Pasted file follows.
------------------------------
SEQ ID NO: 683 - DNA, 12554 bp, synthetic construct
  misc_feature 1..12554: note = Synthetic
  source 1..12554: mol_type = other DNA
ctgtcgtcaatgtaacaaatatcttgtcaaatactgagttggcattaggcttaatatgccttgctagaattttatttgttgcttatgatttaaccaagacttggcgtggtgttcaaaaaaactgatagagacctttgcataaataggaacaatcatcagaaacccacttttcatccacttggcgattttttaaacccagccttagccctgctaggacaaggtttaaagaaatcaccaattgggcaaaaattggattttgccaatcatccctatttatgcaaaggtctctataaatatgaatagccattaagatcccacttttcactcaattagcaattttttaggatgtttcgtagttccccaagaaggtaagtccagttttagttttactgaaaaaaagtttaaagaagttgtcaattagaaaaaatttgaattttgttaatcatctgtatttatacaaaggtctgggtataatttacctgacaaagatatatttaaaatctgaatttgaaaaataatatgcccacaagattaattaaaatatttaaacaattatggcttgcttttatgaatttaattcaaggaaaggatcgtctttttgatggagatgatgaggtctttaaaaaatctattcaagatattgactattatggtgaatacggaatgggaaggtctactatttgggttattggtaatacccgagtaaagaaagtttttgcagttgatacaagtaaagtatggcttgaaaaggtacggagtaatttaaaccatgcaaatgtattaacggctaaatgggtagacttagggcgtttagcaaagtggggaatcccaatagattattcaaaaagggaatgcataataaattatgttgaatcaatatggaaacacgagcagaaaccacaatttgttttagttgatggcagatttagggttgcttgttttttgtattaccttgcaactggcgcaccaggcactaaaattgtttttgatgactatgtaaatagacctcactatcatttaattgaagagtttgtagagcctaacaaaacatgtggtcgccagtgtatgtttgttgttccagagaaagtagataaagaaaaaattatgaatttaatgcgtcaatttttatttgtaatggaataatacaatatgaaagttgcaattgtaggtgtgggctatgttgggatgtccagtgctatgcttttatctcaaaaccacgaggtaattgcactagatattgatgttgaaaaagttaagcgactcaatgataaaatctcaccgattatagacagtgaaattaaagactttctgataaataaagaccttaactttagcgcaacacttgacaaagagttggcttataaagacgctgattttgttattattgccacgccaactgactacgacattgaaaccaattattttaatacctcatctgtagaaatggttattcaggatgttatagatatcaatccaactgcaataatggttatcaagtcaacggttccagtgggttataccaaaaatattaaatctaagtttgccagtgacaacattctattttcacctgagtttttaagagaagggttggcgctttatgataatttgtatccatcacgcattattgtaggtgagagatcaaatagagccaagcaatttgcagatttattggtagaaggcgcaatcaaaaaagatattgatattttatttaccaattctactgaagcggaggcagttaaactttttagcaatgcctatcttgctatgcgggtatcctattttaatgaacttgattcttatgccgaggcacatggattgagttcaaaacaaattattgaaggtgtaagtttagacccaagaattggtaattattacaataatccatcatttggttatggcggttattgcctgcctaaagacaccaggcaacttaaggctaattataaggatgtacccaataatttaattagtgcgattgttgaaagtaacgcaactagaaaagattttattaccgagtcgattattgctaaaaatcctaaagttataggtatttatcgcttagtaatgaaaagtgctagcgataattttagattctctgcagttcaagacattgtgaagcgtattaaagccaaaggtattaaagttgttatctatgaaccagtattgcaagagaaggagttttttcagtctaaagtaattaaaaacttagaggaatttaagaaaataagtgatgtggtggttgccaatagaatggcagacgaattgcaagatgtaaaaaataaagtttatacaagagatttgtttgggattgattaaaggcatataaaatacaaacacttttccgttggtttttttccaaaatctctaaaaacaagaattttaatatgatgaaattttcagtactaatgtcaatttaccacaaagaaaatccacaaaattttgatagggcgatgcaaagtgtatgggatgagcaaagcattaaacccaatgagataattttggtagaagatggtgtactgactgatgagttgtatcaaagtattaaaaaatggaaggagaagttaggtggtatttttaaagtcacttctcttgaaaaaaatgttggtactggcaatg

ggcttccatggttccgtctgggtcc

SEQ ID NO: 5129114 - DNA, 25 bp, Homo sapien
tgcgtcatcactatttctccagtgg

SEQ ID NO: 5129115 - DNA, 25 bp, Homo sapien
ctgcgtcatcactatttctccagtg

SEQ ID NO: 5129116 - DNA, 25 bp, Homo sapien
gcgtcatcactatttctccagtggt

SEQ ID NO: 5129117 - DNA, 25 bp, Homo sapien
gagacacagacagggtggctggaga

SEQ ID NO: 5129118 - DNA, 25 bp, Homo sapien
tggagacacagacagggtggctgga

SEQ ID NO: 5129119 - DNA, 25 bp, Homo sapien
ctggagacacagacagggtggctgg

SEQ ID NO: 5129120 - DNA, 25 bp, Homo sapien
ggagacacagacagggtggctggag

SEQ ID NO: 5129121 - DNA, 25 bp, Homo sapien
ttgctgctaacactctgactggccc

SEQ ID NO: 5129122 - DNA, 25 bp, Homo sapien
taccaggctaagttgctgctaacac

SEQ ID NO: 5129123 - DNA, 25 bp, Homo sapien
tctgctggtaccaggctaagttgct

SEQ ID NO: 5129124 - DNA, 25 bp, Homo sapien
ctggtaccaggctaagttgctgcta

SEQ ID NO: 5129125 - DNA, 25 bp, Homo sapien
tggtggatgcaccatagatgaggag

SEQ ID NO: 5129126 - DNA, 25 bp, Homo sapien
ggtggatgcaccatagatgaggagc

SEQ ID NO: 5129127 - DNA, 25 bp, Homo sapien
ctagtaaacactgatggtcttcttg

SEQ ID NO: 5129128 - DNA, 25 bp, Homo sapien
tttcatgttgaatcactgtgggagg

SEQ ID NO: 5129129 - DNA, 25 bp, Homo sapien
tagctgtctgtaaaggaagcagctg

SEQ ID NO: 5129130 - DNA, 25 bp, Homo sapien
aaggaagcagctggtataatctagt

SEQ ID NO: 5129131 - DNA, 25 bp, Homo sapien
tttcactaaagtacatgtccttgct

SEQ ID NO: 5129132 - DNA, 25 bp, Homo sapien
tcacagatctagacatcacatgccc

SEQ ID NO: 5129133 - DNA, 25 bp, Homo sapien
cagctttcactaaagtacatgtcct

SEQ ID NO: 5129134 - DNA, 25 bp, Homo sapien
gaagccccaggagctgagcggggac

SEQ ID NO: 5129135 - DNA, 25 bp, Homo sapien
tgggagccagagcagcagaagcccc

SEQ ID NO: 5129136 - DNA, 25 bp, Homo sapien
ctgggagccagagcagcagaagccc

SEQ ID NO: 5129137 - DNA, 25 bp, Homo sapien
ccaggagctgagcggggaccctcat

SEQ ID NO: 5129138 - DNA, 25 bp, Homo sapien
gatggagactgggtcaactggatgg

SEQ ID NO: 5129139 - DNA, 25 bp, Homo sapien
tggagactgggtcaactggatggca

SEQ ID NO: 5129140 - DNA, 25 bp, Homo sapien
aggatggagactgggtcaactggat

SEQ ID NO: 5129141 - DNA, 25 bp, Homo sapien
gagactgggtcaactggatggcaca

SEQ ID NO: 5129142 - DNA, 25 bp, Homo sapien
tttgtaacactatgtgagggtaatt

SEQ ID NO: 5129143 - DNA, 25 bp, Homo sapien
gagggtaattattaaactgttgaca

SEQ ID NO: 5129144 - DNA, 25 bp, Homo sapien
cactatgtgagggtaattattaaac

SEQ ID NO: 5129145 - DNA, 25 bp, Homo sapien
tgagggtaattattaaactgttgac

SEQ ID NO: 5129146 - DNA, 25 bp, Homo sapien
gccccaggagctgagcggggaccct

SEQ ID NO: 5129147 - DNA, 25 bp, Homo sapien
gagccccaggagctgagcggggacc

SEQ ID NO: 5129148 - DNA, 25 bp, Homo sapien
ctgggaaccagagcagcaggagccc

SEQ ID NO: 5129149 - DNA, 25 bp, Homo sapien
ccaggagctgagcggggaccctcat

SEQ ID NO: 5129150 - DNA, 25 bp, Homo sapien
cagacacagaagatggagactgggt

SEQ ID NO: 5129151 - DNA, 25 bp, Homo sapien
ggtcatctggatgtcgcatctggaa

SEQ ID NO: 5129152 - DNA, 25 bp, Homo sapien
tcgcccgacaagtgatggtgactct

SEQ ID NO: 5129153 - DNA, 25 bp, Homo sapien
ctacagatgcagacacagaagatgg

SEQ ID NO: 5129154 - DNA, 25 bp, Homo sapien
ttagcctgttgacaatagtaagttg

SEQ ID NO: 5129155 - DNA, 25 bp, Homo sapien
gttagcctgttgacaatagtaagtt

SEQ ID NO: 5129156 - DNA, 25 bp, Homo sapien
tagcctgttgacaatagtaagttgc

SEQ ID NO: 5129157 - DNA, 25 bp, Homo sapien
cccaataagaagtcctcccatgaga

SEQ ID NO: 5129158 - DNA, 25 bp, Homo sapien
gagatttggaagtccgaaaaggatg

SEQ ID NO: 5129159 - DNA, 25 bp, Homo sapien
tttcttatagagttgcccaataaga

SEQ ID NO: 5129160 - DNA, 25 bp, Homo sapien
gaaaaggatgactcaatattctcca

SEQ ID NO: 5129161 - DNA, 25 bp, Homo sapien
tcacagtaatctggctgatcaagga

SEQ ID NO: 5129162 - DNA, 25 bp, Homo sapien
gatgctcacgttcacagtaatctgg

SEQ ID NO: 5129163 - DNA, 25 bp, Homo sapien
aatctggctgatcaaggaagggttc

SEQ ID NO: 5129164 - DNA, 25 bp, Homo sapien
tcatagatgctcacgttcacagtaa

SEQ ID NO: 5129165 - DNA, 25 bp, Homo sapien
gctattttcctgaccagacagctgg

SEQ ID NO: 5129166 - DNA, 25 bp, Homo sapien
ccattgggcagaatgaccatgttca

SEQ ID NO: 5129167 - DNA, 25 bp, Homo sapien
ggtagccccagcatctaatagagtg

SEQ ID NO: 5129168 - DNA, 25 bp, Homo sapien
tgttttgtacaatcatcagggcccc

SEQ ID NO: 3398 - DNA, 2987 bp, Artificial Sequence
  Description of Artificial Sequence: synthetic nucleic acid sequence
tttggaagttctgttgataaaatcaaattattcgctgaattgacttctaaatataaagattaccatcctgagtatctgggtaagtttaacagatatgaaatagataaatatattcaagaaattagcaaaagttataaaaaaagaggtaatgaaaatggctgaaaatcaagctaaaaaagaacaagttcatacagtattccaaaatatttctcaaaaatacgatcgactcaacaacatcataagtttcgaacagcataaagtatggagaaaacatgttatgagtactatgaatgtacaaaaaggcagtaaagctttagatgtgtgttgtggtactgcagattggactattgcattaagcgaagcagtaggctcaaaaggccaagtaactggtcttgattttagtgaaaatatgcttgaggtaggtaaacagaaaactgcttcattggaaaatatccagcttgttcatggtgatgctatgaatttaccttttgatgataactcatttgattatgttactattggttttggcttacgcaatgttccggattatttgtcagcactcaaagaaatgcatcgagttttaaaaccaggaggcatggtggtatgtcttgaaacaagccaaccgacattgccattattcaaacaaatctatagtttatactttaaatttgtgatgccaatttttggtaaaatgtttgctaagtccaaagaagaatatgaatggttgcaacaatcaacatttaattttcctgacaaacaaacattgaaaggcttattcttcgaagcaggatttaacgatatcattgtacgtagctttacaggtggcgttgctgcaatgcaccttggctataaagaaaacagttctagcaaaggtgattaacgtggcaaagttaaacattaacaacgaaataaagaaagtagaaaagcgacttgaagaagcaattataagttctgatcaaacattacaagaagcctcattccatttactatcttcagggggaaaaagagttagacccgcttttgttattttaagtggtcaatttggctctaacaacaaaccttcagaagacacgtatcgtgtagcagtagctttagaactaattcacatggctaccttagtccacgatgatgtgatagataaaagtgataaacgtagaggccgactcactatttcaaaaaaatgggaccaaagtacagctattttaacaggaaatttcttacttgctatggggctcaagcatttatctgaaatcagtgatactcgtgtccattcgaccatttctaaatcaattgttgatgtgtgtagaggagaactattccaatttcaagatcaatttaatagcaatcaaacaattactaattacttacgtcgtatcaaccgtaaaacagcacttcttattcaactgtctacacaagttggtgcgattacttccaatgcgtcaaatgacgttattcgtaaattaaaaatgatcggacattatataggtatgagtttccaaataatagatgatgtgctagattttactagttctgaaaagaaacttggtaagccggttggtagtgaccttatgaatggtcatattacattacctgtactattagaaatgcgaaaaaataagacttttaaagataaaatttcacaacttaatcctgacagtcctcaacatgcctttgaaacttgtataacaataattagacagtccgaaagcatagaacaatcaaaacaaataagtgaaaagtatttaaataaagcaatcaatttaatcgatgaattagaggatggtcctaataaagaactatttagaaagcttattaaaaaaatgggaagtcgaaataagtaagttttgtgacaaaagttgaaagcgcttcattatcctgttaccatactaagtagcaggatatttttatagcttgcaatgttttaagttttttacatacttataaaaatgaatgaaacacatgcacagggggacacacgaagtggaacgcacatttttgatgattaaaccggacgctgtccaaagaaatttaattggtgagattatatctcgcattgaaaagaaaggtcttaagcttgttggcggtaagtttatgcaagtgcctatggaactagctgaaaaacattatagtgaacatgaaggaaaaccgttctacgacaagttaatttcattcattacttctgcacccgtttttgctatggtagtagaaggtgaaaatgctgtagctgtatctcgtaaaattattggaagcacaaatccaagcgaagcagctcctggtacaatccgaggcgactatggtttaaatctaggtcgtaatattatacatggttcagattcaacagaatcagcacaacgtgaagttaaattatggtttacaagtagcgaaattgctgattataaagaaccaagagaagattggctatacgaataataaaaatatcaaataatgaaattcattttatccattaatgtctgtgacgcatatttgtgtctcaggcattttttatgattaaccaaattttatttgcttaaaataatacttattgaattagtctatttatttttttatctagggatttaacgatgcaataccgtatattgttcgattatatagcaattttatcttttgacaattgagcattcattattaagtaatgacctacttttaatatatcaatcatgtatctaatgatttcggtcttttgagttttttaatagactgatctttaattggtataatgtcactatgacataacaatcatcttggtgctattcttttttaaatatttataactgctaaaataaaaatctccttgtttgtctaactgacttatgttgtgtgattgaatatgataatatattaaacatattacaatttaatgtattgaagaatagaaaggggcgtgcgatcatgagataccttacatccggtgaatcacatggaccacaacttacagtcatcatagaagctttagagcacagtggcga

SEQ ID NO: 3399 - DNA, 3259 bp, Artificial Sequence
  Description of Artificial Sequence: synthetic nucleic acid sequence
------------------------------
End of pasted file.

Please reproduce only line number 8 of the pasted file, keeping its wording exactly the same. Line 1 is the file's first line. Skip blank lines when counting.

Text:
SEQ ID NO: 5129115 - DNA, 25 bp, Homo sapien